In thermodynamics, the triple point of a substance is the temperature and pressure at which the three phases (gas, liquid, and solid) of that substance coexist in thermodynamic equilibrium.

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Is the existence of Triple point a coincidence?

how does one explain existence of a three way junction?

Is it the junction of a part of the graph that is under the solid,liquid and gaseous phase?

  • physlink.com/Education/AskExperts/ae282.cfm Refer it. – Anubhav Goel Feb 18 '16 at 8:13
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    Look at it this way: just try to draw a phase diagram where gas, liquid, and solid do not have a vertex in common. – Carl Witthoft Feb 18 '16 at 15:17
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    What do you mean "why does it exist"? The lines have to meet somewhere (well, one could imagine a diagram that has those lines not meeting, but if you think about it, that substance would behave very strangely). – ACuriousMind Feb 18 '16 at 16:38
up vote 2 down vote accepted

The three way junction is there because that is where the three phases (solid, liquid and vapour) of a substance can coexist in thermal equilibrium with one another. At all other temperatures only two (or one) phases can co-exist together in thermal equilibrium.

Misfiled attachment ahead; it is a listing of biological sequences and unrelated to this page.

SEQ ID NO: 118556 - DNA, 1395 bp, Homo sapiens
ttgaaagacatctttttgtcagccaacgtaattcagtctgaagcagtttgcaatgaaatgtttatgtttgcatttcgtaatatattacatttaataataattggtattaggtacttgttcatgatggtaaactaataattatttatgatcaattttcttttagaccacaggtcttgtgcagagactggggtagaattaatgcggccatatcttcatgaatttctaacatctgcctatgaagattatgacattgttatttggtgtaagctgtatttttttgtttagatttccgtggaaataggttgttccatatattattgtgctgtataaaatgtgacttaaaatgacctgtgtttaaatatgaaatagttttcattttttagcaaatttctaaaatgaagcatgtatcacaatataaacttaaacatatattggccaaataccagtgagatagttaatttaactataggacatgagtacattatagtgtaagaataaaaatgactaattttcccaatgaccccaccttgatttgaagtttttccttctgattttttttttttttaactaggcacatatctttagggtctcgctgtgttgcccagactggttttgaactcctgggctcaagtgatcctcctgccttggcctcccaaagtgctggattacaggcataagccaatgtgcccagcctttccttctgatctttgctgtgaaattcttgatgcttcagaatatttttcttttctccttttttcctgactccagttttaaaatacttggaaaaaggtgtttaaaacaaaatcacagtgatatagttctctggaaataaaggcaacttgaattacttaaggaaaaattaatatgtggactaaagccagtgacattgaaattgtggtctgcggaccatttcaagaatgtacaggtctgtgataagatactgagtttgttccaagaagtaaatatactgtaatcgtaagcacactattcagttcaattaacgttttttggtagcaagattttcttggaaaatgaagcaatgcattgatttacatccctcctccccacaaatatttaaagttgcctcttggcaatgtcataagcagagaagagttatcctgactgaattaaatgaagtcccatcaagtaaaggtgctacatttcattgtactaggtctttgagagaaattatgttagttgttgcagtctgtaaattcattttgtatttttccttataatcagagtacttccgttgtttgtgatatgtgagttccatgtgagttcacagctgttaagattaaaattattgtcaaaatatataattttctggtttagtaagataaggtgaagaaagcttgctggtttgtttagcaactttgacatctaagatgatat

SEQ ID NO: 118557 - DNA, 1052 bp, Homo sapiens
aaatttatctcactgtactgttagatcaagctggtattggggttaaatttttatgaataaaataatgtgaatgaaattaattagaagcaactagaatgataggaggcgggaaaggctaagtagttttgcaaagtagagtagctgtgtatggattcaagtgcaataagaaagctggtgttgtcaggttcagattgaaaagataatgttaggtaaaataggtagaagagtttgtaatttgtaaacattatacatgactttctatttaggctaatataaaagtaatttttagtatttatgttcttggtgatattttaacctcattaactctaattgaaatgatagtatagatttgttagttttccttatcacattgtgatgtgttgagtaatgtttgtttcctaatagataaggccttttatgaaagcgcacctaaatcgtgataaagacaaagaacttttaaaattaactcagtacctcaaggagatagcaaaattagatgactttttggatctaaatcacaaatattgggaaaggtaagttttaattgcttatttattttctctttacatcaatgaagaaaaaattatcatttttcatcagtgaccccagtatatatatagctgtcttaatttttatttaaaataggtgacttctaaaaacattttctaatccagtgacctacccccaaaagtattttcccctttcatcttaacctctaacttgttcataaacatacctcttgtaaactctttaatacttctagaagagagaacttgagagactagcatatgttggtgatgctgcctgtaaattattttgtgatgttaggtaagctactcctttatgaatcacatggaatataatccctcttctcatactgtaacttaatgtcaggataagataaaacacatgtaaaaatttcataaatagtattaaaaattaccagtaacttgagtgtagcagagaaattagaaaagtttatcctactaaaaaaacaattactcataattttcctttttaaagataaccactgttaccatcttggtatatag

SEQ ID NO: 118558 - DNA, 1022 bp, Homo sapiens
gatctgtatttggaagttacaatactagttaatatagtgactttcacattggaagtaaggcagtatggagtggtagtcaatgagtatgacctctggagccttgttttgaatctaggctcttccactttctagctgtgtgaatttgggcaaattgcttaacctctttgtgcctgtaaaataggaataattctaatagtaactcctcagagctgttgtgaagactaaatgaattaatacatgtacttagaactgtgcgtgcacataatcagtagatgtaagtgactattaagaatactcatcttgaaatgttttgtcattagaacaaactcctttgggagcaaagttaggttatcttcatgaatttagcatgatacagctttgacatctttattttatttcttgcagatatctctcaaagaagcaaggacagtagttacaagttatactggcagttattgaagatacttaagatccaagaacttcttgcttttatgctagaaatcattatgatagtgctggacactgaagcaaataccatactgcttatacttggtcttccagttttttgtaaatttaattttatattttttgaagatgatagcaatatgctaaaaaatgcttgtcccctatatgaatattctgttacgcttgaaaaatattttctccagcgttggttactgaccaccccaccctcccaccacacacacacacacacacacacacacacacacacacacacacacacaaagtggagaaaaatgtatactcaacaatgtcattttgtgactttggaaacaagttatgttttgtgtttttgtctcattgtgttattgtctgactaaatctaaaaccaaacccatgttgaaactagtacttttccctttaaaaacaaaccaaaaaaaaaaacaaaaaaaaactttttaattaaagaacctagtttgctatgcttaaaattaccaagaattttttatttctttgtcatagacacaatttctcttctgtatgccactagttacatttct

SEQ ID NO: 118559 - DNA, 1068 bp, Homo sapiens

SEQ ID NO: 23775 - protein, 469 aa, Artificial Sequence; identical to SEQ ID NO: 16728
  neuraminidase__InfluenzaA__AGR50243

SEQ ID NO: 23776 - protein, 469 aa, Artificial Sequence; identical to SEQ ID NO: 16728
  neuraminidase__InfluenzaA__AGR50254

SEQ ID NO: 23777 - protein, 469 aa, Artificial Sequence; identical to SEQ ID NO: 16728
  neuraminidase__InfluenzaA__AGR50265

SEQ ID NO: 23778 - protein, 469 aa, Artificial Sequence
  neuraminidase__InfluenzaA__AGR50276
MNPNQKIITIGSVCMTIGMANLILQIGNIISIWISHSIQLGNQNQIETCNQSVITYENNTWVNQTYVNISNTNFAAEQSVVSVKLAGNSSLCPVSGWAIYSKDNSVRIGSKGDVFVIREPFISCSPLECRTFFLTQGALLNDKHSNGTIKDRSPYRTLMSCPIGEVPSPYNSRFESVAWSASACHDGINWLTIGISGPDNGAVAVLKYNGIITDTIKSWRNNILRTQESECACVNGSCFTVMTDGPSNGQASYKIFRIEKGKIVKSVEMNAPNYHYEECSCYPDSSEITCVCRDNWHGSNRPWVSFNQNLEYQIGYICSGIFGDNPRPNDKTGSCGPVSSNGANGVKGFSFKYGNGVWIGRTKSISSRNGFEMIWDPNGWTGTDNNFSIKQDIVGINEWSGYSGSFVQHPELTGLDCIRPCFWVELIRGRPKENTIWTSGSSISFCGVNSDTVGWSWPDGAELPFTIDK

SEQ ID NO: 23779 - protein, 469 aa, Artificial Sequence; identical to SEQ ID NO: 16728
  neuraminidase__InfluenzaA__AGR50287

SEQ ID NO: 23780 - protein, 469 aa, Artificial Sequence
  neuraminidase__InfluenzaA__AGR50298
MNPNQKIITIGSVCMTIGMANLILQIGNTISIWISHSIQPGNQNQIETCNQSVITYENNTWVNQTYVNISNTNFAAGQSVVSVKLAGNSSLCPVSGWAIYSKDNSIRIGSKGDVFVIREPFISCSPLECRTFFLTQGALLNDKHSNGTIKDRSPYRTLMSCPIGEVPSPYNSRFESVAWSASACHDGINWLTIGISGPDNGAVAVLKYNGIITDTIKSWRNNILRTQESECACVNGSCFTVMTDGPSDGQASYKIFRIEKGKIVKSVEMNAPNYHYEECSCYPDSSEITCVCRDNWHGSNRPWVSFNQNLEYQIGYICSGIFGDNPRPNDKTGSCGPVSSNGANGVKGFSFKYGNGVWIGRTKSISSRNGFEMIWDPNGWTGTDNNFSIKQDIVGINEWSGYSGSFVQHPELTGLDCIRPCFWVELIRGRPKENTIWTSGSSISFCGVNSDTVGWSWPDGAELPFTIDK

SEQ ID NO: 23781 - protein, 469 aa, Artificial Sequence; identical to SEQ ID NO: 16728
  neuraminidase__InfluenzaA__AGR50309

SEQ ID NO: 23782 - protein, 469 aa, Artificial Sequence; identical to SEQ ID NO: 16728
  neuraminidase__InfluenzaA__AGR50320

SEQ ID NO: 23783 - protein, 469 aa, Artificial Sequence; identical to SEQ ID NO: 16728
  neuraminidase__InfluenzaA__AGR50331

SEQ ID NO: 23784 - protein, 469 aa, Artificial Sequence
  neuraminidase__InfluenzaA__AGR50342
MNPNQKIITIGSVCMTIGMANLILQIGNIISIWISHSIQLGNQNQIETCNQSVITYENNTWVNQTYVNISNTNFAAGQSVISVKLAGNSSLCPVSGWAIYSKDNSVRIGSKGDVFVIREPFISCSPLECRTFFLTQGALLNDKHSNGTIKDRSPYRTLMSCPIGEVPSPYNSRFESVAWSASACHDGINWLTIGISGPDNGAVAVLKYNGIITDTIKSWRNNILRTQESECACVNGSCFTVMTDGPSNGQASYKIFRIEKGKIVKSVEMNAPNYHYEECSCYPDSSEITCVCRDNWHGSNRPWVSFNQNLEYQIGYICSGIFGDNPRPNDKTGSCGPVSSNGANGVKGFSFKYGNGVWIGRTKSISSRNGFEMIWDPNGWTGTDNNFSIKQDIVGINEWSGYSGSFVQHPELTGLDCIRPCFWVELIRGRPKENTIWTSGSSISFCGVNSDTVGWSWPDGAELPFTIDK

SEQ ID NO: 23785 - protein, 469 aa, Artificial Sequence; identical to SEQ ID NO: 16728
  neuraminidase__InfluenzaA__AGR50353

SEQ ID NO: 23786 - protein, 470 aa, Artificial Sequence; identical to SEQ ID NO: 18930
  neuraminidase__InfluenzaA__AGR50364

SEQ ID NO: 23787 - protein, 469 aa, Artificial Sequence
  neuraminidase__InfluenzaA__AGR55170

You might say that you can have ice in a beaker of water with the top of the beaker covered and eventually the ice and the water and the water vapour will all reach the same temperature. So here you have all three phases of water in thermal equilibrium with one another and so it must be the triple point. That is not so because there is also air present which upsets the equilibrium.

Referring to the graph which you have provided which happens to be for water I think?

I imagine that you had a sample of pure water in a container and you could vary the pressure and the temperature within the container.

The phase diagram shows you for each value of pressure and temperature what will be happening to the water inside your container.

For example suppose you kept the temperature of the container at a fixed temperature which was above the triple point temperature but below the critical temperature and varied the pressure within the container starting from a very low pressure, every time waiting for the water to reach a thermal equilibrium state.

Initially inside the container there would be just water vapour but as the pressure increased you would reach a pressure (actually called the saturated vapour pressure) when both water liquid and water vapour could coexist with one another.
The blue line is the saturated vapour pressure against temperature graph.

Increasing the pressure further you would have only water liquid in your container.

If you repeated the experiment at the triple point temperature, at low pressures you would first have water vapour but at a certain pressure you would find that all three phases of water, solid, liquid and vapour, are coexist together in thermal equilibrium.

Increasing the pressure further would result in only water liquid being in your container.